Tuesday, August 18, 2009

Our Brains are Wired for Seeking

I love this article on seeking from Slate magazine, I think it is one of those ideas that can help you gain a new perspective on human behavior (including your own). The article describes how the act of seeking is hardwired into our brains as an end to itself. The article then goes on to describe why this brain circuitry can be overactivated by Google, Blackberry and other common technologies

J.D Meier gives a great synopsis of the article in his post, Seeking is the Granddaddy of Emotional Systems. He boils the article down to five bullet points:

  • You can’t stop doing it.   You have an insatiable need to search.  It’s stronger than the basic drives for food, sex, and sleep.  We’ll even seek at our own expense.
  • Seeking is the granddaddy of the systems.   “Seeking” is the master emotional system that influences the rest of our emotional systems.
  • Each stimulation evokes a reinvigorated search strategy.  It’s self-reinforcing.  Stimulating the lateral hypothalamus puts mammals in a loop of foraging, excitement, and craze.
  • Seeking is the motivational engine that gets us out of bed.  “Seeking” is the natural drive that motivates us each day.
  • Abstract rewards excite us as much as tangible one.  Our “Seeking” circuits are the ones firing when we get thrilled about the ideas or make intellectual connections.

The word seeking is overloaded with meaning, so it took me some thinking to parse out what the article means to me. I don’t think it means people are seekers in the sense of seeking philosophical enlightenment, or amazing impactful results, or even new meaningful knowledge. Some people are, but that’s not the norm.  The people who do amazing things have channeled their base-level seeking to achieve more powerful results, plus they have the innate capabilities that allow them to get those results. As a species we are seekers for tidbits, like mice searching for nuggets of food. The base level seeking impulse is very simple. Search for something that fulfills a simple need (food, shelter, comfort, etc). Its the searching for something that matters. The acquisition matters less and wears off quickly. Then we are off to seek again.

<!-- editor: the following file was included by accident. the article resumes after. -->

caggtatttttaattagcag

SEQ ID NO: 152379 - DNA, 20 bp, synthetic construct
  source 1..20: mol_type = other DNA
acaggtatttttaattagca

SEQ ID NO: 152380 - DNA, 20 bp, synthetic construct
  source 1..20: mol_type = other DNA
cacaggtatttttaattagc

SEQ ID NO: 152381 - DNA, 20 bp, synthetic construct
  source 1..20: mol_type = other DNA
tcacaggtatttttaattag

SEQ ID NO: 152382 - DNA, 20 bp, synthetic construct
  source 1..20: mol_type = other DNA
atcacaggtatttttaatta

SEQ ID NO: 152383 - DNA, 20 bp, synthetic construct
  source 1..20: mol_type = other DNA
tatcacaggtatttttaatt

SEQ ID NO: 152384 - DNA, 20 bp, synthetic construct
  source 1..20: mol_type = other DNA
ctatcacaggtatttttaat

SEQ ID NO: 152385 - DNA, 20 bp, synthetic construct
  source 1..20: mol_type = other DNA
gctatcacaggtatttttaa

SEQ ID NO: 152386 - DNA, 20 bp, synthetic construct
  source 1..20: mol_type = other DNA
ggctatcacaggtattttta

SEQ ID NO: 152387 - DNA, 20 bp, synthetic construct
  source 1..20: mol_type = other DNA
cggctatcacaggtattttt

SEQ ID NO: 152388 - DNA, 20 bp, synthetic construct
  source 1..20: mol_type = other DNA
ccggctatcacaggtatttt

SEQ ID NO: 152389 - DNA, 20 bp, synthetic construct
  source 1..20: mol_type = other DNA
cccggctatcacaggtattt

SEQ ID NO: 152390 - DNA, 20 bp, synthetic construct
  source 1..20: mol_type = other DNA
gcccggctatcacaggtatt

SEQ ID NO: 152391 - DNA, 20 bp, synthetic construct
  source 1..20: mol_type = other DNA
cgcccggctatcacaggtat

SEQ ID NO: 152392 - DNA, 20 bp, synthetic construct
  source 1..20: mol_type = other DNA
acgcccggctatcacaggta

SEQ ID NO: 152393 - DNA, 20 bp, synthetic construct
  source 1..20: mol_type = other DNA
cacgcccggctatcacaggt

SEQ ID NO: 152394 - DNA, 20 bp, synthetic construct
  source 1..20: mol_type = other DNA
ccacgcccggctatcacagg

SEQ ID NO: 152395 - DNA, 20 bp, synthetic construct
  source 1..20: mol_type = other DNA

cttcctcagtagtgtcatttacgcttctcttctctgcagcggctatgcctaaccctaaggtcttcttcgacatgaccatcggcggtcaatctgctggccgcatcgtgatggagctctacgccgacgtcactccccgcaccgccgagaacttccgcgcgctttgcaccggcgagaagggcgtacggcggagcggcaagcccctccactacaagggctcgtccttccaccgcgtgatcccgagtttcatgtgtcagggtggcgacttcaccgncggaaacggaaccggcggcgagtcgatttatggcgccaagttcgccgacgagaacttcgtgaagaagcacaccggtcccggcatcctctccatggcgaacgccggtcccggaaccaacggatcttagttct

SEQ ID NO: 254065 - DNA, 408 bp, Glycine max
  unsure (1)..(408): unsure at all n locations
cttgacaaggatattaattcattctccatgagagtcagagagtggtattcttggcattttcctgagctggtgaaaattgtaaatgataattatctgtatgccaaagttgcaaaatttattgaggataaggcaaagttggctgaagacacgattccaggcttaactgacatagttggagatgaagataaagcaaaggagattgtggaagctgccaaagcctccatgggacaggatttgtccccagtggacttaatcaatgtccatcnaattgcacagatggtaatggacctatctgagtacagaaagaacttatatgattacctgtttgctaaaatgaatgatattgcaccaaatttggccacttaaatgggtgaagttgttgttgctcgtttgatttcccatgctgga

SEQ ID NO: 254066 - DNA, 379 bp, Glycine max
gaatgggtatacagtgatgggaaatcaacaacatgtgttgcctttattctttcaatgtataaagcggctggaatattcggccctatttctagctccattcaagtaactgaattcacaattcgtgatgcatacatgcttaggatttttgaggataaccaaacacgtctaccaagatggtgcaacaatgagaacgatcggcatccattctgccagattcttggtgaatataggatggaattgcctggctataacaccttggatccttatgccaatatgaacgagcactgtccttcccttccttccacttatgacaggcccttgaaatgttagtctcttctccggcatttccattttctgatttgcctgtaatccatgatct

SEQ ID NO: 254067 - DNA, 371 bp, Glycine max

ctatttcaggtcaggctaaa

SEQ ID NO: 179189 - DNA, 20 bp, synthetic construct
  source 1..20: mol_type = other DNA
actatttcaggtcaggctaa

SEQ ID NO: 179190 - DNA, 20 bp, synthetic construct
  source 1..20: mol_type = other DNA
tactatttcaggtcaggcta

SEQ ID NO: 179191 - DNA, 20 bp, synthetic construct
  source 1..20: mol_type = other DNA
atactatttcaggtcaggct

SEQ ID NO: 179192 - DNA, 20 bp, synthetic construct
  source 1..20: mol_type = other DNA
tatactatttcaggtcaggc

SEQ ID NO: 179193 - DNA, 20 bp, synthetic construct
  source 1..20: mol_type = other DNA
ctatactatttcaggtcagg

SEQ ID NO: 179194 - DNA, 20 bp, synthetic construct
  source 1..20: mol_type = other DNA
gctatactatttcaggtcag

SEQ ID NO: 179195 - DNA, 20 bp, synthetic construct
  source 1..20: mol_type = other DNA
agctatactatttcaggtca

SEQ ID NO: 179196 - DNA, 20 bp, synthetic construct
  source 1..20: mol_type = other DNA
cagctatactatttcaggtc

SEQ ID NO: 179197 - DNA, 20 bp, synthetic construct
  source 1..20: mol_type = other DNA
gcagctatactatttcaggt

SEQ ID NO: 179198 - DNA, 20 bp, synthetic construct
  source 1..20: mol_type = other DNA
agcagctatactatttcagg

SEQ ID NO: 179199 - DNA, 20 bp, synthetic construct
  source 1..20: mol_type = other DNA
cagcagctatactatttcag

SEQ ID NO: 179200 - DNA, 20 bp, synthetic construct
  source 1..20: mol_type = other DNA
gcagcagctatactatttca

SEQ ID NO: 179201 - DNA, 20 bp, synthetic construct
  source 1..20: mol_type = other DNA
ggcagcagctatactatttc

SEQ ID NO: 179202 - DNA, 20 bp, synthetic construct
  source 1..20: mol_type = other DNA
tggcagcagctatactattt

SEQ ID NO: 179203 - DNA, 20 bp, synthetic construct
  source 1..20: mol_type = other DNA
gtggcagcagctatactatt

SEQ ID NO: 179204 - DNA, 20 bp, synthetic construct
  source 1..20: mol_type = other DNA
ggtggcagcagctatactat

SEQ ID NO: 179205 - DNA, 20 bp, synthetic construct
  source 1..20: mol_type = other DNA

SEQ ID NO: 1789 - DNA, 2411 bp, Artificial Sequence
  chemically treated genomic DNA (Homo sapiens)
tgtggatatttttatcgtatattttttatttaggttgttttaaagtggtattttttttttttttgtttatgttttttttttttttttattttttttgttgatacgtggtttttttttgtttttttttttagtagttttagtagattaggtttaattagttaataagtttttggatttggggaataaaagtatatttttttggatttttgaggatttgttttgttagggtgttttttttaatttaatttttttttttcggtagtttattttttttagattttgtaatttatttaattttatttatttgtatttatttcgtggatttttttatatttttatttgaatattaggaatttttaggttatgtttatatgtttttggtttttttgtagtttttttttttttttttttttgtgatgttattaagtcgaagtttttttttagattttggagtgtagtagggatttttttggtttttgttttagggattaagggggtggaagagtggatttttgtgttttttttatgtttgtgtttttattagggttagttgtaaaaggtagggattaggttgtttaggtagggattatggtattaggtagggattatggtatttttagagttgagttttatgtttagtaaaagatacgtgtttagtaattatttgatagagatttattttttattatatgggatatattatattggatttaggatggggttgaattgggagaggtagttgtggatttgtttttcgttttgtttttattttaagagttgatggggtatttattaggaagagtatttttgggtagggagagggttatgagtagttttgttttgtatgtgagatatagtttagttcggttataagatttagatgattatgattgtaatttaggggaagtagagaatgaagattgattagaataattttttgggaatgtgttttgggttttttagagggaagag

Its the happiness conundrum. You think you will be happy if you get X. Where X could be money, partner, knowledge, results, reputation, house, status, etc. But this is where we are tricked by our own biology. We are not meant to be happy or satisfied for extended periods of time. We are restless creatures and our biology gives us the happiness ‘high’ for a small amount of time and takes it away. We go back to seeking. If we were truly happy and satisfied we would stop seeking and evolutionarily that is a very bad thing.

We think happiness is good, therefore we seek it (its a meta-search if you will :)). But the search for happiness is endless and we will never truly reach the goal. So what are we to do? I think there are two choices, not necessarily mutually exclusive. While its cliche, I think we can choose to enjoy the journey - the seeking - as much as possible. If you consciously realize you are seeking and are ok with that, not fooled into thinking this search will end your constant seeking, then I think you can choose to enjoy it for what it is. The other choice is to try to make a conscious decision to be satisfied. I think satisfaction means you are happy with what you have and what you are. You can rest for a while and maybe stop seeking. Careful though - stay satisfied too long and you may become like the little creatures in H.G Well’s “The Time Machine” who have evolved into a state of feeble satisfaction due to having conquered all possible challenges in their environment.

3 comments:

J.D. Meier said...

Great post and I like your elaboration and details, as well as your personal story.

Seeking is a topic I know I'll be exploring (or seeking) quite a bit. I think it's a powerful lens for behavior.

marion said...

I recently came accross your blog and have been reading along. I thought I would leave my first comment. I dont know what to say except that I have enjoyed reading. Nice blog. I will keep visiting this blog very often.

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